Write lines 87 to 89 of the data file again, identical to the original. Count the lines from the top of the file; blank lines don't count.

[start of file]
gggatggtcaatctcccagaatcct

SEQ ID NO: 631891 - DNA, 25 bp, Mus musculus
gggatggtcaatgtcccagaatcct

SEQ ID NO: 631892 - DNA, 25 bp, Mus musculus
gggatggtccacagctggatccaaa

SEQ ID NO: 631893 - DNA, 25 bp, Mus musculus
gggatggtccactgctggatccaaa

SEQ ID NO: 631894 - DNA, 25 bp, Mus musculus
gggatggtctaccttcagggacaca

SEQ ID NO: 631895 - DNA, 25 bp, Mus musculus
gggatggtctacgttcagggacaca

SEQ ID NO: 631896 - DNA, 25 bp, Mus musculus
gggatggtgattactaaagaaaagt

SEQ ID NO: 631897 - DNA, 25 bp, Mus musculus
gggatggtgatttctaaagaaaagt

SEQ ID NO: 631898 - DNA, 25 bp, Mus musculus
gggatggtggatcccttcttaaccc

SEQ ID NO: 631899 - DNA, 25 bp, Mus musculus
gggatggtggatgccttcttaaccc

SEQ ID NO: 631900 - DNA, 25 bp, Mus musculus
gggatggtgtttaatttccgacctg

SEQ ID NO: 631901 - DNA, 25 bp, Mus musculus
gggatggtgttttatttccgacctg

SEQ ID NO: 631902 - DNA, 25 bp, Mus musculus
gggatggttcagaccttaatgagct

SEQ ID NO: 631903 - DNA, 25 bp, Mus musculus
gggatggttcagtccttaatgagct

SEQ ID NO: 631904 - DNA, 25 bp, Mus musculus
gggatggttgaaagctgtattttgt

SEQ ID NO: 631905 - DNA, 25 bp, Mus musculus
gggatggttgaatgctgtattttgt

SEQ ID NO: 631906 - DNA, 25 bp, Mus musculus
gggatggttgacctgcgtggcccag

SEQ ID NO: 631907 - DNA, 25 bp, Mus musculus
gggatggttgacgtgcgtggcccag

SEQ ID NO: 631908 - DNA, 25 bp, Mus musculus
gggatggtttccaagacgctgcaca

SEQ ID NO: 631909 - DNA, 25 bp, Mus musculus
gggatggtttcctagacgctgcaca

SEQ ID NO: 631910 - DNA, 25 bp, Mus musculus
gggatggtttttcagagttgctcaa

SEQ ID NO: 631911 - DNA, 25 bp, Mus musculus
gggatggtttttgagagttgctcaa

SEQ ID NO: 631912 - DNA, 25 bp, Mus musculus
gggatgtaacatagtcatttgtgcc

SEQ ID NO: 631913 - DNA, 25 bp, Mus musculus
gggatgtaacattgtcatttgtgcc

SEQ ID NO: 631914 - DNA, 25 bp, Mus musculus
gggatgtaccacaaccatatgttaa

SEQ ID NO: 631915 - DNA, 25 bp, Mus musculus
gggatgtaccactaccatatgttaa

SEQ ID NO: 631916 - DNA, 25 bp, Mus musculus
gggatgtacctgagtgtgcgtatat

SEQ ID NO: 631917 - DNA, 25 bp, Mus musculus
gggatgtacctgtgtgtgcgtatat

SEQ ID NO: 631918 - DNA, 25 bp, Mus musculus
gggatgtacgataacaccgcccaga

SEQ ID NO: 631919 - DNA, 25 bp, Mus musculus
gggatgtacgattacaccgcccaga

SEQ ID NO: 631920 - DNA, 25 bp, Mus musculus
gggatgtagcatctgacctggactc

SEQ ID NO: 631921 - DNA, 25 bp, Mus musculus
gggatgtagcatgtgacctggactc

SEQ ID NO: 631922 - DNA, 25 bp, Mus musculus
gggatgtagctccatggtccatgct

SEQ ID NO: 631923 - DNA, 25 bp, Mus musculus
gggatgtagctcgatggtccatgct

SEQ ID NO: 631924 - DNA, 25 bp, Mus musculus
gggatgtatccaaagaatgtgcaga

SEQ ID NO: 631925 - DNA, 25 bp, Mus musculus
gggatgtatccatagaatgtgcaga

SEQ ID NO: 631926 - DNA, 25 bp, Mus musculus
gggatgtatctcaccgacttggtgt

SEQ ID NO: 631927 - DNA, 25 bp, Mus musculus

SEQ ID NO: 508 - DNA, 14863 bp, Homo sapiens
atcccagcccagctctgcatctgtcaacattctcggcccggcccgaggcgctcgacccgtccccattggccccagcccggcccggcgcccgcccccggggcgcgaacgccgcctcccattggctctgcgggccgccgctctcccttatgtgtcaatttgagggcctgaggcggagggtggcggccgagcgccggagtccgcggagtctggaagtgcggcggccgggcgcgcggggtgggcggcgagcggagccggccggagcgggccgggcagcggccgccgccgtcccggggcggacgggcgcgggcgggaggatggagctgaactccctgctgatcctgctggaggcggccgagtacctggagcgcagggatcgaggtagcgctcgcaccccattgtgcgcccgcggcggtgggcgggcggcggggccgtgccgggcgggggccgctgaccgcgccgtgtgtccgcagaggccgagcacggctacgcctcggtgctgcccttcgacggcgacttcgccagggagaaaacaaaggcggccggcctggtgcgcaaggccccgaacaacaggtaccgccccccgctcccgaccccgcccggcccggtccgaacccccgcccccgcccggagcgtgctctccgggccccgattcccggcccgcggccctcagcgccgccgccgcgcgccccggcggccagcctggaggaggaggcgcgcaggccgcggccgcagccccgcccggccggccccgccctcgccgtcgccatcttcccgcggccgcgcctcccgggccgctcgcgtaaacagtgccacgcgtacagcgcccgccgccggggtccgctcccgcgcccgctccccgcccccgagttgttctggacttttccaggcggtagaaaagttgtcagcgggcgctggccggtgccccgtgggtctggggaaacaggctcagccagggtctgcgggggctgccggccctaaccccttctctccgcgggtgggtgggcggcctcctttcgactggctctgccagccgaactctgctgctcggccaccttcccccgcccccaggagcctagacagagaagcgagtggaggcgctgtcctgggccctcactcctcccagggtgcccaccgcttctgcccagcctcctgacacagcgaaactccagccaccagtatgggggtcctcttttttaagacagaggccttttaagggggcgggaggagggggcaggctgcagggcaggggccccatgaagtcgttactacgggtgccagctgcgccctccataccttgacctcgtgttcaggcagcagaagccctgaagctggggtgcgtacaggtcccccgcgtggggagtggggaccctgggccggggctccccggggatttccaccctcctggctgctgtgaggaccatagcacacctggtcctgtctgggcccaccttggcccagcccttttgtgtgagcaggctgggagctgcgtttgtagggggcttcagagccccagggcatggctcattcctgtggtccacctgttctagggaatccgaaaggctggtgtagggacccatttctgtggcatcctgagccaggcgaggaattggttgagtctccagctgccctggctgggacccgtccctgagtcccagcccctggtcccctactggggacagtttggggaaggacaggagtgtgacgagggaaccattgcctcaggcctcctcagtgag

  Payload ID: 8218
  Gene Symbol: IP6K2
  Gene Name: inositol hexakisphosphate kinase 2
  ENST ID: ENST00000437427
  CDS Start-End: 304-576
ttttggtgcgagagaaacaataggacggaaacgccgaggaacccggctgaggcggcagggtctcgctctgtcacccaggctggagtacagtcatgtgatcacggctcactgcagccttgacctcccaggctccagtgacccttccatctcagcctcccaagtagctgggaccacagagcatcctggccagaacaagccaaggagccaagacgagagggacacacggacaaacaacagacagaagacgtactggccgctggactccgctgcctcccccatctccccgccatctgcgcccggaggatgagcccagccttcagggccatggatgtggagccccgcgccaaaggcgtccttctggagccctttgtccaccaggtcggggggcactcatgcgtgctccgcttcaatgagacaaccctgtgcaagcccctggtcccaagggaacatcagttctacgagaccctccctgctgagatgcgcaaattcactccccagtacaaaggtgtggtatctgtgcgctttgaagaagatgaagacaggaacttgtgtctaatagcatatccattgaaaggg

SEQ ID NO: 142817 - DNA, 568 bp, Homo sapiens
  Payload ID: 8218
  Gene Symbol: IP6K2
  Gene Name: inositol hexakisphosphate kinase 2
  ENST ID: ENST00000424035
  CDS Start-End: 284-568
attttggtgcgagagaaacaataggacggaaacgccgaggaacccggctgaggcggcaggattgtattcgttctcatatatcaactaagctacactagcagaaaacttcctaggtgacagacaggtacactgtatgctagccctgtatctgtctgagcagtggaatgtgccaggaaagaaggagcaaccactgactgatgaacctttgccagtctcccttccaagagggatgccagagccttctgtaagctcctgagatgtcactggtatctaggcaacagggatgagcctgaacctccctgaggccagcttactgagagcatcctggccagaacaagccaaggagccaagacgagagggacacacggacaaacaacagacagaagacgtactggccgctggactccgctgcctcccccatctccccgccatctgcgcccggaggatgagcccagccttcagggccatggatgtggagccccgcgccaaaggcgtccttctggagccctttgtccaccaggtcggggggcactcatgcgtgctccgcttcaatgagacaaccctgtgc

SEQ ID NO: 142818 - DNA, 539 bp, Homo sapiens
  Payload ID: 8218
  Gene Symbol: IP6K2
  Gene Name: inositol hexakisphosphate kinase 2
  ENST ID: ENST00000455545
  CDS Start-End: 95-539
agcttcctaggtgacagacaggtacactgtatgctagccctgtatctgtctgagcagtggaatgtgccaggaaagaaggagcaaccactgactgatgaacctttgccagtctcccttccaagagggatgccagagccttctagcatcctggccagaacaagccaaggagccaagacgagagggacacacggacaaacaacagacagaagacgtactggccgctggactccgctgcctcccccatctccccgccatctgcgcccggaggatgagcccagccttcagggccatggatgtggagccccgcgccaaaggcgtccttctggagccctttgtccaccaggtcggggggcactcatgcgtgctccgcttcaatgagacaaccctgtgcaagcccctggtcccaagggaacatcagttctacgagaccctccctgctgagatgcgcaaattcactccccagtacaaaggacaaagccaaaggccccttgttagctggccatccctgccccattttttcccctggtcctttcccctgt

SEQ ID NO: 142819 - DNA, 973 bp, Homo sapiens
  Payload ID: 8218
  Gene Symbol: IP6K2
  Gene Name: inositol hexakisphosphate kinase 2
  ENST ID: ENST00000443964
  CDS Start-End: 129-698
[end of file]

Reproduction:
  ENST ID: ENST00000424035
  CDS Start-End: 284-568
attttggtgcgagagaaacaataggacggaaacgccgaggaacccggctgaggcggcaggattgtattcgttctcatatatcaactaagctacactagcagaaaacttcctaggtgacagacaggtacactgtatgctagccctgtatctgtctgagcagtggaatgtgccaggaaagaaggagcaaccactgactgatgaacctttgccagtctcccttccaagagggatgccagagccttctgtaagctcctgagatgtcactggtatctaggcaacagggatgagcctgaacctccctgaggccagcttactgagagcatcctggccagaacaagccaaggagccaagacgagagggacacacggacaaacaacagacagaagacgtactggccgctggactccgctgcctcccccatctccccgccatctgcgcccggaggatgagcccagccttcagggccatggatgtggagccccgcgccaaaggcgtccttctggagccctttgtccaccaggtcggggggcactcatgcgtgctccgcttcaatgagacaaccctgtgc